<p>how many watts is ur peltier unit and what happens if u reverse the polarity to the peltier unit?</p>
If you reverse the polarity, the side that is meant to get hot will get cold, and the side that is meant to get cold will get hot.
I don't want to take away from the awesomeness of this at all, but to be really effective, the opposite side of the peltier that you aren't "using" should be exhausted into a room/outdoors where you are not. Just a thought, great Instructable!
Yup, without having one side connected to outdoor air (preferably also drawing in outdoor air), all this will do is heat the room it is in. It may cause local cooling within the room, but overall it will heat the room. 1) If being used as a heater, it will be a lot more expensive than just a set of resistors. (Things change a lot if it is pulling heat from the outside air.) 2) If being used as a cooler, it would only be good for keeping PC components cool, or cooling off a drink (or drinks). 3) It might work well as a dehumidifier if you run ducting such that air that passes over the cold heatsink then passes over the warm one. This will condense water out of the air on the cold HS, and then warm the air back up, providing warm dry air. (Good if the room is cold and humid, and the one case where it would be a better solution than a purely resistive heater.)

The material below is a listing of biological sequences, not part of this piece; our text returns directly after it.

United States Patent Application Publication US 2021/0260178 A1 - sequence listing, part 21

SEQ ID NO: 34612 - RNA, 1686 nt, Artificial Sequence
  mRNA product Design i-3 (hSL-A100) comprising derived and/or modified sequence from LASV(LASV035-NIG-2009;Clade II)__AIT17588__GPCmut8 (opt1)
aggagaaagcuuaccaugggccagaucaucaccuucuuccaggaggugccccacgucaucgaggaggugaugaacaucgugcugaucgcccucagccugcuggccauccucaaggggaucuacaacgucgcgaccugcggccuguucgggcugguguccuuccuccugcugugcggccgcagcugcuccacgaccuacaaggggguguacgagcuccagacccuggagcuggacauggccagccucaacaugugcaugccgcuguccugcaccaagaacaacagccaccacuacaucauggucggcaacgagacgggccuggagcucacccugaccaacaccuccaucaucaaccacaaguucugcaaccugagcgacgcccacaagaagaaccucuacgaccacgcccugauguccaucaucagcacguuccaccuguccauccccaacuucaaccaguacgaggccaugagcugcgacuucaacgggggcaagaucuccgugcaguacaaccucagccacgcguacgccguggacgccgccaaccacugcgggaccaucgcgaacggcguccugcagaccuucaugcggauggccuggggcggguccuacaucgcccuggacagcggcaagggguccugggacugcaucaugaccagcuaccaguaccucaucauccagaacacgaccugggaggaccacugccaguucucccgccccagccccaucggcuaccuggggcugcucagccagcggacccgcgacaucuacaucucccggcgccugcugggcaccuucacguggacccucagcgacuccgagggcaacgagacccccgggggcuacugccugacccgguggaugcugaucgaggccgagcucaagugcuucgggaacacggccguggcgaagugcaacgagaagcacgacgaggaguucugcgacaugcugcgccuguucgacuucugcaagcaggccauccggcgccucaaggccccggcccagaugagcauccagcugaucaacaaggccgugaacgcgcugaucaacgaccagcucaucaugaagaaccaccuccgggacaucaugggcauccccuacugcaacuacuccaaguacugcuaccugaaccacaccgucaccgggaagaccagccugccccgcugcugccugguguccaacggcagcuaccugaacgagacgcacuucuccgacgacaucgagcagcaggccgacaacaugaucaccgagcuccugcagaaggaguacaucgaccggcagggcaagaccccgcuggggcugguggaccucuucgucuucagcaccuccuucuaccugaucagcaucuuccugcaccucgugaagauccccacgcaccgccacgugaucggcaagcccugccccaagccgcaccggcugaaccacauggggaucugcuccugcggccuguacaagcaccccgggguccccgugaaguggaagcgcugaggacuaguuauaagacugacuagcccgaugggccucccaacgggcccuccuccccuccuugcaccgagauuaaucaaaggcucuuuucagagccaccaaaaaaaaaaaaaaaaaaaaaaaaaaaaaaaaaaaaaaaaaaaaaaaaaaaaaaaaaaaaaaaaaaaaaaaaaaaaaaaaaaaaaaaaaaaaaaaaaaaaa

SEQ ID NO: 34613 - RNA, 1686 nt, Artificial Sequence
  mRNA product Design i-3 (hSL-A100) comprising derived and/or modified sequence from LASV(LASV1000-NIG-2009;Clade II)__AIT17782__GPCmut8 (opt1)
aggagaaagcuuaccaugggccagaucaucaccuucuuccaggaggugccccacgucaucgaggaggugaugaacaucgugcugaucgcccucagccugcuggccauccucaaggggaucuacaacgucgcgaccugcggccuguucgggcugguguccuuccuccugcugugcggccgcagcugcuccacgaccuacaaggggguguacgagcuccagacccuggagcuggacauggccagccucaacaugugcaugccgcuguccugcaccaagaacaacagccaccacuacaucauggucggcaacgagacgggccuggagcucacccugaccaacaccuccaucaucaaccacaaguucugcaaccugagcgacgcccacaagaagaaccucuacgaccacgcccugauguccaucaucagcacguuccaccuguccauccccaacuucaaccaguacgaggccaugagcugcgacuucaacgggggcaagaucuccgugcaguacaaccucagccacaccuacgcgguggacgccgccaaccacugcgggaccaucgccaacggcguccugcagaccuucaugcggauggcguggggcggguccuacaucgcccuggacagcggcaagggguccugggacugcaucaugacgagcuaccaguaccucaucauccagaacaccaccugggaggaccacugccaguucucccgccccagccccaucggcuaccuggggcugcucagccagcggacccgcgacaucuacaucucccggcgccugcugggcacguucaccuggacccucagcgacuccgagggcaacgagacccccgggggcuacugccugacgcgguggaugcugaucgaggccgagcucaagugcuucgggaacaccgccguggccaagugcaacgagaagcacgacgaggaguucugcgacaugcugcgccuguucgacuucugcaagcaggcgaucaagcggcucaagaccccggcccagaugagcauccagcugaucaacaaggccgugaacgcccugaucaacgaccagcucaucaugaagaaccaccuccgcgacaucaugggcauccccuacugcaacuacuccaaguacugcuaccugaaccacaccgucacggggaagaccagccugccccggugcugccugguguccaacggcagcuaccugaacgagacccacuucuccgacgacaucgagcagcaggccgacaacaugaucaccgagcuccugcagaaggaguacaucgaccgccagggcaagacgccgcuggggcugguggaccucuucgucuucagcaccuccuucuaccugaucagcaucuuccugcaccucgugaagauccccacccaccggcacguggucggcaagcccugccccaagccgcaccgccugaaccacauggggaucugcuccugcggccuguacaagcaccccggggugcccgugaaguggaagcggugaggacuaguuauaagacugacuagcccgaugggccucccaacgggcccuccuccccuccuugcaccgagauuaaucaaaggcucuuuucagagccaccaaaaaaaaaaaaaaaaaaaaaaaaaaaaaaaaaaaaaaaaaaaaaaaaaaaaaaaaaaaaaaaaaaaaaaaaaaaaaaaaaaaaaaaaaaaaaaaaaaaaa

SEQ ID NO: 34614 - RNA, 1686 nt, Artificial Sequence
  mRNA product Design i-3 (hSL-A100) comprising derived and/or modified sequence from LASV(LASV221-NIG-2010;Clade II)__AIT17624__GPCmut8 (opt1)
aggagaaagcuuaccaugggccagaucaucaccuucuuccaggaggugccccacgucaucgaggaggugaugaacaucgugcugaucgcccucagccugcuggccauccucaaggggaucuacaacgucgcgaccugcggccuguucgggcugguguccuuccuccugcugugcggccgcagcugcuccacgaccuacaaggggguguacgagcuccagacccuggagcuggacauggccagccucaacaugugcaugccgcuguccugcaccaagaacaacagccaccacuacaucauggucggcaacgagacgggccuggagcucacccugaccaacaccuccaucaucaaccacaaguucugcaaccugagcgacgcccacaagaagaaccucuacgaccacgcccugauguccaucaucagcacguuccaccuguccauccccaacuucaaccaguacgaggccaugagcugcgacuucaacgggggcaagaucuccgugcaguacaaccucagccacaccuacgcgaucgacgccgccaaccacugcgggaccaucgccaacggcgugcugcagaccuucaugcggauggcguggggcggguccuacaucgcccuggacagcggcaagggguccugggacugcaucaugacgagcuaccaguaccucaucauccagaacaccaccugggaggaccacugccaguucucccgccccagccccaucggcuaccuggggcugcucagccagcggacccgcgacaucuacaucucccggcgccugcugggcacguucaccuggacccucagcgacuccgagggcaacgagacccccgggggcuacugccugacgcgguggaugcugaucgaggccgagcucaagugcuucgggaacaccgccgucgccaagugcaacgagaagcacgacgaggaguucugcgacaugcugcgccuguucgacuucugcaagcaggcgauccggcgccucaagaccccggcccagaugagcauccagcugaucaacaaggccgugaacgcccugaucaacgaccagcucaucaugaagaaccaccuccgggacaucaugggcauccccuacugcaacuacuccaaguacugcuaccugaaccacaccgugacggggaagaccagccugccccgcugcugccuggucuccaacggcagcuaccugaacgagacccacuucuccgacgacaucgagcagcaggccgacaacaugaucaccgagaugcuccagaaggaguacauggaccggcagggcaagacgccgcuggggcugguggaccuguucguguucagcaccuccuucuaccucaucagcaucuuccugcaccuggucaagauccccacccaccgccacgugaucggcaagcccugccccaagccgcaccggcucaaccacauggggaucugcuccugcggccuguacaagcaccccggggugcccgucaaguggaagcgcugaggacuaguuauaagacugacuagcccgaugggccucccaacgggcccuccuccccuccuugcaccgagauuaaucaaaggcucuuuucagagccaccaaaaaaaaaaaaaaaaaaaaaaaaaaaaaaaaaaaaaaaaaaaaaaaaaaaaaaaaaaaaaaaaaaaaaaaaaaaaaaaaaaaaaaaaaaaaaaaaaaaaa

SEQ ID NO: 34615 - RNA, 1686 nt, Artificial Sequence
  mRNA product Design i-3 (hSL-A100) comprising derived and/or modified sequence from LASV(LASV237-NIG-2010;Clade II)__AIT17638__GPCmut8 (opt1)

The laws of thermodynamics FTW.
Ah, but you see, by the laws of thermodynamics, this will not work. What I mean by this is that although the peltier unit cools one side, it heats up the other, and because it does have internal resistance, the heat will inevitably overpower the cold. while it may cool down the air directly in front of it, it creates heat elsewhere. What the peltier unit does is absorb heat on one side, and release it on the other.
This looks nice. Could it keep a 4'X8'X2' padded box at ~72 dregees F in 100 degree F weather for a few hours?
Would this be a box of your native soil in which you take refuge during the daylight hours? It probably does get kinda stuffy in there, especially during the summer months.
No really, more of a closed up climate controlled bed.
Same difference...
How many volts should the fans be??? please respond
I used 12 VDC fans with the ~13 VDC transformer, but if you're using a different transformer, you may need to add resistors or get fans of a different voltage.
hey uh where do u get the peltier thingy? like wat thing can i take apart and find that thing inside of?, please respond
those mini fridges you can get for keeping drinks cool have a Joule-Peltier effect system in them, which would be around the right size for this project
Anything else lol I don't have a fridge I want to destroy lol
Can you say where you got the thermal tape from? Thaaanx.
I found it at Fry's Electronics.